Dr. Anna Snider traveled to Kaduna, Nigeria over the summer to work with Winrock International host organization, Awakening Nigeria for Agro-Allied International (ANAAI), a women’s group that promotes sustainable and smart agriculture in urban communities. Dr. Snider provided train-of-trainers in homestead vegetable gardening using sacks and containers. After the training, Yahaya Hamman, host member, commented the following “This training has opened up our mind, now some of our women who don’t have land to farm can now grow their own vegetables; above all we now know the importance of eating right and eating vegetables. We shall step down this training to other women. We are glad we had this training.”
Last year I had a great time working with leaders of farmers’ organizations and extension workers, so I was happy to have a chance to come back to Nigeria to work with the Winrock team again.
This time I built sack gardens with members of Awakening Nigeria for Agro-Allied International, an NGO in Kaduna. The idea is that the members will spread this knowledge to people in the Internally Displaced Persons camps, adopted villages and women who are less able to get out to the fields because of cultural reasons or insecurity. Sack gardening is almost as simple as it sounds: gardening in a sack instead of a pot. But it gets interesting when we use really big sacks—100-pound rice sacks or even larger. With a sack that large you have a large space for planting on top, but you can also cut slits in the sides and plant some leafy vegetables like lettuce, cabbage, kale or even onions. That multiplies your space and allows you to plant a small vegetable garden in the space that you could normally have just one tomato. Drainage becomes a problem with such a deep sack, so we have to add a column of gravel to help the water get all the way to the bottom.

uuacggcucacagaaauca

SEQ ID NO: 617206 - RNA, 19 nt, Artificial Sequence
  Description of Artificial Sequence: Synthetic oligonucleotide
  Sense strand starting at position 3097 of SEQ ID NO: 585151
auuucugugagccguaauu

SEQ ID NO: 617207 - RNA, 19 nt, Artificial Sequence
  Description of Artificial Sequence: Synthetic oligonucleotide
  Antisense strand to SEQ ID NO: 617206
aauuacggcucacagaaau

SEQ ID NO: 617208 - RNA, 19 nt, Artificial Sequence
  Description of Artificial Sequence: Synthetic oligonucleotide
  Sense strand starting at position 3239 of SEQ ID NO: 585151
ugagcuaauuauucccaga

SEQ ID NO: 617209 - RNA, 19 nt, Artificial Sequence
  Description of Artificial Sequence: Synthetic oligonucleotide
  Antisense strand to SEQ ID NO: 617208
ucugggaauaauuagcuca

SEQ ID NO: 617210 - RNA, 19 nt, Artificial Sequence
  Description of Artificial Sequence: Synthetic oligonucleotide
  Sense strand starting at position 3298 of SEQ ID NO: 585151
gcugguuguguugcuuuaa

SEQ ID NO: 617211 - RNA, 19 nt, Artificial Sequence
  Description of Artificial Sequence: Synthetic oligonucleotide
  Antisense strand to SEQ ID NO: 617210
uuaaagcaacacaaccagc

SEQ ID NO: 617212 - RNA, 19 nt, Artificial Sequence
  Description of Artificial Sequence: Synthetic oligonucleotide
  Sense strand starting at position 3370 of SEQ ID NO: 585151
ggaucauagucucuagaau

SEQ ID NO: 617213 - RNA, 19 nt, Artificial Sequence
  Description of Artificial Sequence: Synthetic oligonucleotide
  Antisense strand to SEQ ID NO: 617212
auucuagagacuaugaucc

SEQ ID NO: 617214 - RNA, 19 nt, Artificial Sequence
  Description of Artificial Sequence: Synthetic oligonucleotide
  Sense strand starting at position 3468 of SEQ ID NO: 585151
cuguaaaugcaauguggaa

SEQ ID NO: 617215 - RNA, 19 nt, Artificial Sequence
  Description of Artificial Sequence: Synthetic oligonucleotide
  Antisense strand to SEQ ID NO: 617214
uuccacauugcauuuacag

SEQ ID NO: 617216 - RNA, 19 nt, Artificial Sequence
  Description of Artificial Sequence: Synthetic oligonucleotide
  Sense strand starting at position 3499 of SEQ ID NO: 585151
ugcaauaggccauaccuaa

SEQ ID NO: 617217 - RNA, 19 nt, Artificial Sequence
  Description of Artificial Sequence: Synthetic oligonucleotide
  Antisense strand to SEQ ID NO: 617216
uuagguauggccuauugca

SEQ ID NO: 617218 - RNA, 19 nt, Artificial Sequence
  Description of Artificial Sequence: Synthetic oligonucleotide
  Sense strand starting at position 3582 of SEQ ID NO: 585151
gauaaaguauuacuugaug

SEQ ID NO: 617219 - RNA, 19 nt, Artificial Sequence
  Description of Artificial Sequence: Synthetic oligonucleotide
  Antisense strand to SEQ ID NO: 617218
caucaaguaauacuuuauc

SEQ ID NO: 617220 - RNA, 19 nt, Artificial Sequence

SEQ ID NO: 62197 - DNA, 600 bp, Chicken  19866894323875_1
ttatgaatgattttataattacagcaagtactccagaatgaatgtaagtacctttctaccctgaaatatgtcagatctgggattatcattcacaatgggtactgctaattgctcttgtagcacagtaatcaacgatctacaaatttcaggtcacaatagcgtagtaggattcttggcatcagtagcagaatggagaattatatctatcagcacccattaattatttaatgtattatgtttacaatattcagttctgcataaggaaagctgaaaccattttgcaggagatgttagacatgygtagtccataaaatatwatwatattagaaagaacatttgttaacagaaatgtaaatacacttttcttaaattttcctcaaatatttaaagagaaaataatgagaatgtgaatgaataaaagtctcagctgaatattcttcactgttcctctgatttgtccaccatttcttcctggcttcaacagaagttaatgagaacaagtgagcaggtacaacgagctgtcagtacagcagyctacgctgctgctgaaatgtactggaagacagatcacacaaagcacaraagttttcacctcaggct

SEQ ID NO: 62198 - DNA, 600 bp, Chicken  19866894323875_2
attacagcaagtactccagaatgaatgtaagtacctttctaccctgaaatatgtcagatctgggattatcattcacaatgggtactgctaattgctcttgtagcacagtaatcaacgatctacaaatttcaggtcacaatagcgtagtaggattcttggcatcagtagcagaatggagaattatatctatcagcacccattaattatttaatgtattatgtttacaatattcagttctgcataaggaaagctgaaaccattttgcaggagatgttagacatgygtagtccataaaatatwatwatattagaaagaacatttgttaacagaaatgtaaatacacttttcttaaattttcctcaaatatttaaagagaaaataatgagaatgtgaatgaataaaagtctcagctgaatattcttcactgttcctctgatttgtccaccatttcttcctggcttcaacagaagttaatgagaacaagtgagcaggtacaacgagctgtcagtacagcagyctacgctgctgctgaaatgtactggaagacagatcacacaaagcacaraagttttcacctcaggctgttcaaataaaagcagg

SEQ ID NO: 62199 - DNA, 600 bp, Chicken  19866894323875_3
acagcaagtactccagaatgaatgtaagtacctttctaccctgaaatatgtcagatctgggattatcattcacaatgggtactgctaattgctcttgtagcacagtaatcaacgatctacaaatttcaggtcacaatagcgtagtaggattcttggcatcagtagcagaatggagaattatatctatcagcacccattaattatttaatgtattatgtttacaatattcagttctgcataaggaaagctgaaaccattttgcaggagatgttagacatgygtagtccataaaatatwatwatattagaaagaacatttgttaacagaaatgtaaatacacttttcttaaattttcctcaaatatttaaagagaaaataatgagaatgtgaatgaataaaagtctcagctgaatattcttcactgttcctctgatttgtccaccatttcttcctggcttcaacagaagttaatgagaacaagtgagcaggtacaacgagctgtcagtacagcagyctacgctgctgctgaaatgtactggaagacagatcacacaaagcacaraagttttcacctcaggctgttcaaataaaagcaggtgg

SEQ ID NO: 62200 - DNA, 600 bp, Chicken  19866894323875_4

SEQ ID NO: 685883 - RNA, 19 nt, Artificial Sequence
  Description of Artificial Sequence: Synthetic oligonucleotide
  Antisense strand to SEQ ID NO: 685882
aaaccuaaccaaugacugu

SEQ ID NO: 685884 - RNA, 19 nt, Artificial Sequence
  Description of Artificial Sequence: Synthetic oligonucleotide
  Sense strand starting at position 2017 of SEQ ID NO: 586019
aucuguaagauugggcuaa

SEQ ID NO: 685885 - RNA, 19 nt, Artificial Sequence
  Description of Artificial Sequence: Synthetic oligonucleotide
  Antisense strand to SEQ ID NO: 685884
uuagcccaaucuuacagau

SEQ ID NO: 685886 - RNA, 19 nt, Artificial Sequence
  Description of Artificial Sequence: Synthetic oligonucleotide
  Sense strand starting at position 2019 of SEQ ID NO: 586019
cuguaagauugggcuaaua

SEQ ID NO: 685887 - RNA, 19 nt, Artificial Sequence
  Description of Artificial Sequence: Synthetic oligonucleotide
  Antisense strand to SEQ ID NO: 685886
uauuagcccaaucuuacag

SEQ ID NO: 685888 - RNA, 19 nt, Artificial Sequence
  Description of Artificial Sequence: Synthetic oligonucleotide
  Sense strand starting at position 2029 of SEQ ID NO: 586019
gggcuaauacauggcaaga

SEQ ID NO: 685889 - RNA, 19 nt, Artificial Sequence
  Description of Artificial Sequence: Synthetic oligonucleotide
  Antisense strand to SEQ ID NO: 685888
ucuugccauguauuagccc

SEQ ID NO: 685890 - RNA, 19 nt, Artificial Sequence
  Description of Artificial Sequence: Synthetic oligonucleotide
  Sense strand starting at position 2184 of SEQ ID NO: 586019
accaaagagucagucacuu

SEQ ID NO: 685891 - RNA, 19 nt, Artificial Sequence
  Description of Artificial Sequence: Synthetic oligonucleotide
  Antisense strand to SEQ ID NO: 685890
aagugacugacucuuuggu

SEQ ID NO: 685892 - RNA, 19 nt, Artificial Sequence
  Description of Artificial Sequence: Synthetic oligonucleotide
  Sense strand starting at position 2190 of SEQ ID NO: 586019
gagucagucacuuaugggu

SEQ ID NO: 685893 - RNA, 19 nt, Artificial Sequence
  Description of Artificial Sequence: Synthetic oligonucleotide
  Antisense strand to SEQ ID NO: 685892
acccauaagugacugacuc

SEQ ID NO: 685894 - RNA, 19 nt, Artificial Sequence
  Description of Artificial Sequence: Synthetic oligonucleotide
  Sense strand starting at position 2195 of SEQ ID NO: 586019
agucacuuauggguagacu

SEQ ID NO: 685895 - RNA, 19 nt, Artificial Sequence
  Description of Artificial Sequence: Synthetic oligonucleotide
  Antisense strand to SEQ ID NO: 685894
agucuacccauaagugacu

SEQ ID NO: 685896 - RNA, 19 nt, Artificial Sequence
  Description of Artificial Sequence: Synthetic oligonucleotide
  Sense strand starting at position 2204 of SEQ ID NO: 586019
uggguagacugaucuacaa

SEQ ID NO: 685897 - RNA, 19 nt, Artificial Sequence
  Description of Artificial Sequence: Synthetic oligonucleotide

You can see in the video how we used a large metal can with both ends cut out to form the column of gravel. As the sack is filled with soil, the can is filled with gravel. The can is slowly pulled up to guide the placement of the gravel. (On a side note, I ate a lot of canned tomatoes to get enough cans for this workshop!)
Just like my last experience in Nigeria, the participants were active, curious and eager to get involved. In two weeks I worked with three groups. Each group build at least one sack garden, and one enthusiastic group built six sack gardens, experimenting with different plants and soil mixes.
But just growing more vegetables doesn’t improve nutrition. I also taught a nutrition component to help the participants improve family nutrition. Since the sack garden is perfect for growing leafy green vegetables, it is a great tool for Nigeria’s biggest nutrition problems– vitamin A and iron deficiencies.
Just a few weeks later the emails and photos are already coming in. Members of the ANAAI have already trained other members of their communities, including residents of an IDP camp in Kaduna. And the results keep multiplying!
To read more and view her video, please follow the link: http://www.annasnider.net/ to Anna’s blog.